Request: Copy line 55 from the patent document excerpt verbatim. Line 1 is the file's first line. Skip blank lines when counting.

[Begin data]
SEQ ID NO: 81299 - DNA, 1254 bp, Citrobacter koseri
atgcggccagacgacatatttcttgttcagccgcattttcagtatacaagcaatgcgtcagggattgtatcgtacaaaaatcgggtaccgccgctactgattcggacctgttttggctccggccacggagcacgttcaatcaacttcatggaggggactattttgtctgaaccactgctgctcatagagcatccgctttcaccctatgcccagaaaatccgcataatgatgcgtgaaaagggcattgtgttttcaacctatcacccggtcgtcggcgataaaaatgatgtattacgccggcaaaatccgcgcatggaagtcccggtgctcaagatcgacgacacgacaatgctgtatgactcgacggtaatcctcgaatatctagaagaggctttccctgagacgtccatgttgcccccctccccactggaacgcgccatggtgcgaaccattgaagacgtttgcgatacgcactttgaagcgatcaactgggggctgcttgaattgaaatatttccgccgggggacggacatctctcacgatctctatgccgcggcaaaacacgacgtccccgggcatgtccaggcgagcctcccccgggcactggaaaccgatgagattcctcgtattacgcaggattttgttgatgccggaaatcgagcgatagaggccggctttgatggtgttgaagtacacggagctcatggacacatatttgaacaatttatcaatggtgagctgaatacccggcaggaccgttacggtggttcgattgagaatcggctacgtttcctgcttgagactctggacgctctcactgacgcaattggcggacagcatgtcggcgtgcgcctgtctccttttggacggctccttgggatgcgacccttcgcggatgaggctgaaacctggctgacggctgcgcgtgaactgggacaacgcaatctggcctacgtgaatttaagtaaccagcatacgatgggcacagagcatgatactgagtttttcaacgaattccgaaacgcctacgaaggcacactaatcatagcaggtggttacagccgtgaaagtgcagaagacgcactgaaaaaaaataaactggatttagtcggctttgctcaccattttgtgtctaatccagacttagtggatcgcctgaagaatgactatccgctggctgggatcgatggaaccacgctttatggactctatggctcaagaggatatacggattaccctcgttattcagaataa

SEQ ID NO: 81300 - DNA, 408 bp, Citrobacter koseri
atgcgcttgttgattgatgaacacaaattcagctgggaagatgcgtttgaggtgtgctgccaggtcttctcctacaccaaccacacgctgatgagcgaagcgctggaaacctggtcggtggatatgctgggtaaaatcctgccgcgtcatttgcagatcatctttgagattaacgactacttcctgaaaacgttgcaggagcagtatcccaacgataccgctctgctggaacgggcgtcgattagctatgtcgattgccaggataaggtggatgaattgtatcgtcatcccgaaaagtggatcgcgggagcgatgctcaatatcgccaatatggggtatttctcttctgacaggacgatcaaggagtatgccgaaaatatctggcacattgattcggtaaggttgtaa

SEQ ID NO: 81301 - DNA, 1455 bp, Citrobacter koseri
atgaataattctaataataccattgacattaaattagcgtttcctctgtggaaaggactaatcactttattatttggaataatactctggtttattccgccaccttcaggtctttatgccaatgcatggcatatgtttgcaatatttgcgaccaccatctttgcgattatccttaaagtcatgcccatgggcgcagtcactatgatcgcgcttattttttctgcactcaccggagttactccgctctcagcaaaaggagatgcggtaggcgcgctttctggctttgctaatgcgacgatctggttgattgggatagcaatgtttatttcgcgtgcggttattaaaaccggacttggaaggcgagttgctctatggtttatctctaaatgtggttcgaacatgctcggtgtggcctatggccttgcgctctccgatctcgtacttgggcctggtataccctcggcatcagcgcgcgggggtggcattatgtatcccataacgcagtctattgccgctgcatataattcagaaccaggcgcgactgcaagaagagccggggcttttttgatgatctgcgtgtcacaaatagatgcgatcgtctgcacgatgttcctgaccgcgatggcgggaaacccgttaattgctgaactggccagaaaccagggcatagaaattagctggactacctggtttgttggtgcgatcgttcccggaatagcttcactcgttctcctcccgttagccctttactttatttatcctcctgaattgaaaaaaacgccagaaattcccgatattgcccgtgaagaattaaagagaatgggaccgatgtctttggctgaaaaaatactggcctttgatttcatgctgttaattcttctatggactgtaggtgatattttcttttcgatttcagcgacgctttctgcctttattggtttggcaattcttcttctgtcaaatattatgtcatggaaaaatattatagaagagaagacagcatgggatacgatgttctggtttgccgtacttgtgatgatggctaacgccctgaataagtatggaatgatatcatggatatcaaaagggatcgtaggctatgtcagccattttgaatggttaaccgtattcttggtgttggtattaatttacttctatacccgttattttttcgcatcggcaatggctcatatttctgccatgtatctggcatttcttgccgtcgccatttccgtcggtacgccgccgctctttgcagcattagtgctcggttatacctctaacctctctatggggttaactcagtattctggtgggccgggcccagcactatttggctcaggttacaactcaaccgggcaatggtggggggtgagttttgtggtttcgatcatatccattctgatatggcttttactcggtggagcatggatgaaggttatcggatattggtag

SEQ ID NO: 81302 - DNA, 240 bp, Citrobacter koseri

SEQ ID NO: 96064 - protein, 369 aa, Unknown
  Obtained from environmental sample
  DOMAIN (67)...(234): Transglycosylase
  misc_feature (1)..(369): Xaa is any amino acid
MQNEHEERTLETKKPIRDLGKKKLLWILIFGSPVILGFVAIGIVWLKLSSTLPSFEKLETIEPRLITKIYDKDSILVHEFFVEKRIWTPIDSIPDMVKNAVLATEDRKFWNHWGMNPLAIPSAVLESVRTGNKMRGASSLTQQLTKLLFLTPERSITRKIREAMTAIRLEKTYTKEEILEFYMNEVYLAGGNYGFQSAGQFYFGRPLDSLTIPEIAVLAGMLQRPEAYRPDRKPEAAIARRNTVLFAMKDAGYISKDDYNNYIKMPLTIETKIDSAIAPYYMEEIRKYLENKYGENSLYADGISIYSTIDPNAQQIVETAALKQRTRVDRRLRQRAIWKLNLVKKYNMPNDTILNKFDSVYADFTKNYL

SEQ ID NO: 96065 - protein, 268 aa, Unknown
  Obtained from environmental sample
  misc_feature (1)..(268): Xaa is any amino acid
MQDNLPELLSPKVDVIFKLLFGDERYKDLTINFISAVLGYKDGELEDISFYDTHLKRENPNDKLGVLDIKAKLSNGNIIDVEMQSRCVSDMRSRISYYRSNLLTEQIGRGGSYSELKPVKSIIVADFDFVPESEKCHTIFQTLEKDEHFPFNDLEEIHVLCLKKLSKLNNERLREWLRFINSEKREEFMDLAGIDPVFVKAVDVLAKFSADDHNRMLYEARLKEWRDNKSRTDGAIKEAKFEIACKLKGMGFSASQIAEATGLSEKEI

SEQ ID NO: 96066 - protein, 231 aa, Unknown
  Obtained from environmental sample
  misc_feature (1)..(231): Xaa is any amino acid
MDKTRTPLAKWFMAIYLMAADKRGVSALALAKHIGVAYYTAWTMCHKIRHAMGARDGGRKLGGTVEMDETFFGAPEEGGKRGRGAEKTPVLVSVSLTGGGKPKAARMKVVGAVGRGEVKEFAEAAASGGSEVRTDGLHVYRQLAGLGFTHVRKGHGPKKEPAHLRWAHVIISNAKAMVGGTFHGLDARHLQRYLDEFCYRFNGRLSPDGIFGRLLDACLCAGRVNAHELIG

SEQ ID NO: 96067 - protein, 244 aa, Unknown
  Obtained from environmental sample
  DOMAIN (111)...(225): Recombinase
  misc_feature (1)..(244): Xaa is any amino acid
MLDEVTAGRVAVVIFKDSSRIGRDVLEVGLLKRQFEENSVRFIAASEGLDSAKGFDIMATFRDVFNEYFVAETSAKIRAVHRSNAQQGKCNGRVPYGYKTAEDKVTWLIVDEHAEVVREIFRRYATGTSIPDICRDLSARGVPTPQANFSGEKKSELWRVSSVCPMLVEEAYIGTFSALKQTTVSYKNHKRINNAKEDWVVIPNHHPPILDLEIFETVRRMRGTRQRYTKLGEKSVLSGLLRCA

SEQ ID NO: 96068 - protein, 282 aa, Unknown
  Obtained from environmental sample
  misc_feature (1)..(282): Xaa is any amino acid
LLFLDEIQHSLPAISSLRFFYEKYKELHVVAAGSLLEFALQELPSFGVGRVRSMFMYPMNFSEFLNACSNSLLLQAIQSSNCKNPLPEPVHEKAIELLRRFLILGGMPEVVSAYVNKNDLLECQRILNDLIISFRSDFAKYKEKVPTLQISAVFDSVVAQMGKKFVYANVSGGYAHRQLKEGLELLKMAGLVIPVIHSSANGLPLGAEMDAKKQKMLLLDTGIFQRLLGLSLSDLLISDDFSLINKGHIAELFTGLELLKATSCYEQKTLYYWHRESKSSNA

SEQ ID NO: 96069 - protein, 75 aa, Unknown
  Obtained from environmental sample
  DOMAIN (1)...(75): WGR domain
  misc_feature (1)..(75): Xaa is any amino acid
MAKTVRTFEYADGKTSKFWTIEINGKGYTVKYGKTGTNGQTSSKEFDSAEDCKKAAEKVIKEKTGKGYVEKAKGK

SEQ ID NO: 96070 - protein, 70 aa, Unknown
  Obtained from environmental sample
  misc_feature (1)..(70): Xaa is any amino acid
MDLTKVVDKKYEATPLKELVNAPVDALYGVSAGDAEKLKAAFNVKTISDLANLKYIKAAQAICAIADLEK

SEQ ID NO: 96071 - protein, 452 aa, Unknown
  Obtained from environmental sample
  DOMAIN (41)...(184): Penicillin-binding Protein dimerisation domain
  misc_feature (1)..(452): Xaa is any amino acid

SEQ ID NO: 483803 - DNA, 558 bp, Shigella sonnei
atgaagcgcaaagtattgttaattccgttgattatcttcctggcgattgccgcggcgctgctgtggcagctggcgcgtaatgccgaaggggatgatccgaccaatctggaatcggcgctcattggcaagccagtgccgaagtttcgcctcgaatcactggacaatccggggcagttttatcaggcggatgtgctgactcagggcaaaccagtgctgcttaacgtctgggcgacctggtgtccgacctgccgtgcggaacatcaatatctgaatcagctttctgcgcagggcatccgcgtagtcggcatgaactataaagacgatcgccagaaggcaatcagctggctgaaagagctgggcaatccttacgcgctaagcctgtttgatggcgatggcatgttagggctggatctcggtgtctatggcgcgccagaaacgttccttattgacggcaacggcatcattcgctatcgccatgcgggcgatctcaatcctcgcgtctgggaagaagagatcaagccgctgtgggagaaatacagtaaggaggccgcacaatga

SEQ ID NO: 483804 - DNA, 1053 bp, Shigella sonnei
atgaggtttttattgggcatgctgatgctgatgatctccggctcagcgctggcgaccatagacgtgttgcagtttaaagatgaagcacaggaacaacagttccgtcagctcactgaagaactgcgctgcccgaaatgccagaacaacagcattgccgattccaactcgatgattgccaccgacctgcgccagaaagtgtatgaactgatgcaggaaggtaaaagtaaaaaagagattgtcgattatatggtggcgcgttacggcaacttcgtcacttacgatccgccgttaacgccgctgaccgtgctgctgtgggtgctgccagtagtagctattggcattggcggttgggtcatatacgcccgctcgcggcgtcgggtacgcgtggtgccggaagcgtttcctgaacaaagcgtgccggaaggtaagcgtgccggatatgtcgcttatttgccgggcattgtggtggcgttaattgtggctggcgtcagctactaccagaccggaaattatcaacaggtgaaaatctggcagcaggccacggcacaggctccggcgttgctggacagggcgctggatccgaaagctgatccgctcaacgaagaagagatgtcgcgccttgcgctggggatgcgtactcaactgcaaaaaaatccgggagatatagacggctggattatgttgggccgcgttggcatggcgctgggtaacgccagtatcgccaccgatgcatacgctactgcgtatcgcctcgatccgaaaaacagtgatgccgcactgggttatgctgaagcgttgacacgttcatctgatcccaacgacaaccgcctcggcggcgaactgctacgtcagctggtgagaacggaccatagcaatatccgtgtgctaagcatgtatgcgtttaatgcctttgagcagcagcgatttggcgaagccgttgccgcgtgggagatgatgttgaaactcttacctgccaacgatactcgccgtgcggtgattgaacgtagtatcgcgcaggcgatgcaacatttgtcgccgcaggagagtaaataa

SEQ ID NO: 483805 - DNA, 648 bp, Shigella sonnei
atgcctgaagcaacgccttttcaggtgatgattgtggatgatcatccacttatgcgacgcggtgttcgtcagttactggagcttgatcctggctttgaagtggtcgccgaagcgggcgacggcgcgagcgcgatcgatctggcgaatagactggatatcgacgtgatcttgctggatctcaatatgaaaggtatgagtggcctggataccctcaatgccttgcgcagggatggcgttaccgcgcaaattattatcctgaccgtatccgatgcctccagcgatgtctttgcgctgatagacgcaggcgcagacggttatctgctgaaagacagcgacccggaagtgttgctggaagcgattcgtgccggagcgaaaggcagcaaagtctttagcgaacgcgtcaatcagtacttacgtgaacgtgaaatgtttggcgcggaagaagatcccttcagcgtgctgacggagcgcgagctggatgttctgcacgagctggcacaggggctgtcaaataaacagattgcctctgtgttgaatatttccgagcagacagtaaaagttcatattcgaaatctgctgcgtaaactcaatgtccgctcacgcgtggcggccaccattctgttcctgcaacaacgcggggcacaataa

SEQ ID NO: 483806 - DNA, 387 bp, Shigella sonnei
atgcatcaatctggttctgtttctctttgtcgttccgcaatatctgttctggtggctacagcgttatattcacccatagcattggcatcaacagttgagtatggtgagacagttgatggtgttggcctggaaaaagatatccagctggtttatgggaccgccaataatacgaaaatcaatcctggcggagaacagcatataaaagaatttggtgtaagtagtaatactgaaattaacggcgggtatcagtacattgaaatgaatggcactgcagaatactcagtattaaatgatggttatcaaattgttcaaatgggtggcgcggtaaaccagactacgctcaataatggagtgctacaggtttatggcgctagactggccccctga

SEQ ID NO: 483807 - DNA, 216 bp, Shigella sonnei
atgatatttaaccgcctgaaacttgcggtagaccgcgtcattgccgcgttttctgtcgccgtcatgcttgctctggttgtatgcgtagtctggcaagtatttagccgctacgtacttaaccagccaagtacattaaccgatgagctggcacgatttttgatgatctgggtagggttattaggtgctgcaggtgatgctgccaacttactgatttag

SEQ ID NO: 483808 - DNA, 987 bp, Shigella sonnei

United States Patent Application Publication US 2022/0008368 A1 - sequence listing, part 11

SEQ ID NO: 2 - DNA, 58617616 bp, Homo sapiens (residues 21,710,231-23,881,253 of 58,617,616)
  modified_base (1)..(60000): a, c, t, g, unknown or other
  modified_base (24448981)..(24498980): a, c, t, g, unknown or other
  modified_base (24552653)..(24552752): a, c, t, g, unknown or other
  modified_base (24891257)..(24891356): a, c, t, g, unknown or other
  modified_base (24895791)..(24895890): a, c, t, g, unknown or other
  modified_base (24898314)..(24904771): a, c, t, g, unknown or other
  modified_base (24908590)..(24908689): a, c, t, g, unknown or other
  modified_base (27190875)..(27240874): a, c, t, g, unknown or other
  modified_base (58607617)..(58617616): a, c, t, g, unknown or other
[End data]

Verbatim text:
SEQ ID NO: 2 - DNA, 58617616 bp, Homo sapiens (residues 21,710,231-23,881,253 of 58,617,616)